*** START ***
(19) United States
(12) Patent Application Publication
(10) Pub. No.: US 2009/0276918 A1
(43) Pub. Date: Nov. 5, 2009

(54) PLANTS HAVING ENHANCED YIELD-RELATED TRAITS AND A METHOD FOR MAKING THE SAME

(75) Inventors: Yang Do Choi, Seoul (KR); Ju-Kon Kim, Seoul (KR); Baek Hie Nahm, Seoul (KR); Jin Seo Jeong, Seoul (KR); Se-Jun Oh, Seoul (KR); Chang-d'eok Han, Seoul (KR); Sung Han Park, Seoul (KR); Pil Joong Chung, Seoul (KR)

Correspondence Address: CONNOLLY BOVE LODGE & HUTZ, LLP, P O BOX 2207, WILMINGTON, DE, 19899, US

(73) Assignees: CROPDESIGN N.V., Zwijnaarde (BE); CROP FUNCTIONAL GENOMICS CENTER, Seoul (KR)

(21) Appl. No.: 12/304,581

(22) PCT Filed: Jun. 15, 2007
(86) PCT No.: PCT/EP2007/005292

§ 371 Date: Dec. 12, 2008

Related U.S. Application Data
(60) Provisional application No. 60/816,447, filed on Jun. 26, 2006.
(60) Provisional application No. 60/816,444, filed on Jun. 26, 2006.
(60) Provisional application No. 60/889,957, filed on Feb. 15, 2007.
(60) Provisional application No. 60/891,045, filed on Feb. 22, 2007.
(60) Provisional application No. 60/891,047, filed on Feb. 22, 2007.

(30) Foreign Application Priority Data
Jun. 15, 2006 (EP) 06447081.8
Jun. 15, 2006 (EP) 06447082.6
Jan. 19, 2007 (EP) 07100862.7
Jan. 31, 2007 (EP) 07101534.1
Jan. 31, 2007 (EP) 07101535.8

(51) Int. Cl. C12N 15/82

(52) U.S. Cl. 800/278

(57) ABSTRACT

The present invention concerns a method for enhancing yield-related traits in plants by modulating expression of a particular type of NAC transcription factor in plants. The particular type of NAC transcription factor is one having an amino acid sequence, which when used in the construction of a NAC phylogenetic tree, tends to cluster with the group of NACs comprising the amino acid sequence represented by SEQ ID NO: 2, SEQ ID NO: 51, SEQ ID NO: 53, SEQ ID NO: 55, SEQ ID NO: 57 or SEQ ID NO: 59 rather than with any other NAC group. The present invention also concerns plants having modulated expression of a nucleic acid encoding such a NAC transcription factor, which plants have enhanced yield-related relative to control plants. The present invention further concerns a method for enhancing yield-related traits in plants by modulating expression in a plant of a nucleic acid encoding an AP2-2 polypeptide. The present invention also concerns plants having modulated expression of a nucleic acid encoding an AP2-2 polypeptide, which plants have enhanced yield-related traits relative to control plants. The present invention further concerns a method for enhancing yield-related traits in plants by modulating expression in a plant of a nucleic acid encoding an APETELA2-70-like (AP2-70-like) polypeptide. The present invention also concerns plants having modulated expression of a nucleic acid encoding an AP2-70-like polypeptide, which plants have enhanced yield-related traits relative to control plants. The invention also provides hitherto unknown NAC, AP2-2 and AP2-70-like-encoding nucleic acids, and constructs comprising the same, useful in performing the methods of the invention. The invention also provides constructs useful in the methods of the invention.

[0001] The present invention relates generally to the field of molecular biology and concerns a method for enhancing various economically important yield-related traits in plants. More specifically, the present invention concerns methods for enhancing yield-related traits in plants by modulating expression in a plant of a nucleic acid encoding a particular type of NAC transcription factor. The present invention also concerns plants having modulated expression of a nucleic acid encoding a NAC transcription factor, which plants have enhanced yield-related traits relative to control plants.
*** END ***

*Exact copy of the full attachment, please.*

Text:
(19) United States
(12) Patent Application Publication
(10) Pub. No.: US 2009/0276918 A1
(43) Pub. Date: Nov. 5, 2009

(54) PLANTS HAVING ENHANCED YIELD-RELATED TRAITS AND A METHOD FOR MAKING THE SAME

(75) Inventors: Yang Do Choi, Seoul (KR); Ju-Kon Kim, Seoul (KR); Baek Hie Nahm, Seoul (KR); Jin Seo Jeong, Seoul (KR); Se-Jun Oh, Seoul (KR); Chang-d'eok Han, Seoul (KR); Sung Han Park, Seoul (KR); Pil Joong Chung, Seoul (KR)

Correspondence Address: CONNOLLY BOVE LODGE & HUTZ, LLP, P O BOX 2207, WILMINGTON, DE, 19899, US

(73) Assignees: CROPDESIGN N.V., Zwijnaarde (BE); CROP FUNCTIONAL GENOMICS CENTER, Seoul (KR)

(21) Appl. No.: 12/304,581

(22) PCT Filed: Jun. 15, 2007
(86) PCT No.: PCT/EP2007/005292

§ 371 Date: Dec. 12, 2008

Related U.S. Application Data
(60) Provisional application No. 60/816,447, filed on Jun. 26, 2006.
(60) Provisional application No. 60/816,444, filed on Jun. 26, 2006.
(60) Provisional application No. 60/889,957, filed on Feb. 15, 2007.
(60) Provisional application No. 60/891,045, filed on Feb. 22, 2007.
(60) Provisional application No. 60/891,047, filed on Feb. 22, 2007.

(30) Foreign Application Priority Data
Jun. 15, 2006 (EP) 06447081.8
Jun. 15, 2006 (EP) 06447082.6
Jan. 19, 2007 (EP) 07100862.7
Jan. 31, 2007 (EP) 07101534.1
Jan. 31, 2007 (EP) 07101535.8

(51) Int. Cl. C12N 15/82

(52) U.S. Cl. 800/278

(57) ABSTRACT

The present invention concerns a method for enhancing yield-related traits in plants by modulating expression of a particular type of NAC transcription factor in plants. The particular type of NAC transcription factor is one having an amino acid sequence, which when used in the construction of a NAC phylogenetic tree, tends to cluster with the group of NACs comprising the amino acid sequence represented by SEQ ID NO: 2, SEQ ID NO: 51, SEQ ID NO: 53, SEQ ID NO: 55, SEQ ID NO: 57 or SEQ ID NO: 59 rather than with any other NAC group. The present invention also concerns plants having modulated expression of a nucleic acid encoding such a NAC transcription factor, which plants have enhanced yield-related relative to control plants. The present invention further concerns a method for enhancing yield-related traits in plants by modulating expression in a plant of a nucleic acid encoding an AP2-2 polypeptide. The present invention also concerns plants having modulated expression of a nucleic acid encoding an AP2-2 polypeptide, which plants have enhanced yield-related traits relative to control plants. The present invention further concerns a method for enhancing yield-related traits in plants by modulating expression in a plant of a nucleic acid encoding an APETELA2-70-like (AP2-70-like) polypeptide. The present invention also concerns plants having modulated expression of a nucleic acid encoding an AP2-70-like polypeptide, which plants have enhanced yield-related traits relative to control plants. The invention also provides hitherto unknown NAC, AP2-2 and AP2-70-like-encoding nucleic acids, and constructs comprising the same, useful in performing the methods of the invention. The invention also provides constructs useful in the methods of the invention.

[0001] The present invention relates generally to the field of molecular biology and concerns a method for enhancing various economically important yield-related traits in plants. More specifically, the present invention concerns methods for enhancing yield-related traits in plants by modulating expression in a plant of a nucleic acid encoding a particular type of NAC transcription factor. The present invention also concerns plants having modulated expression of a nucleic acid encoding a NAC transcription factor, which plants have enhanced yield-related traits relative to control plants.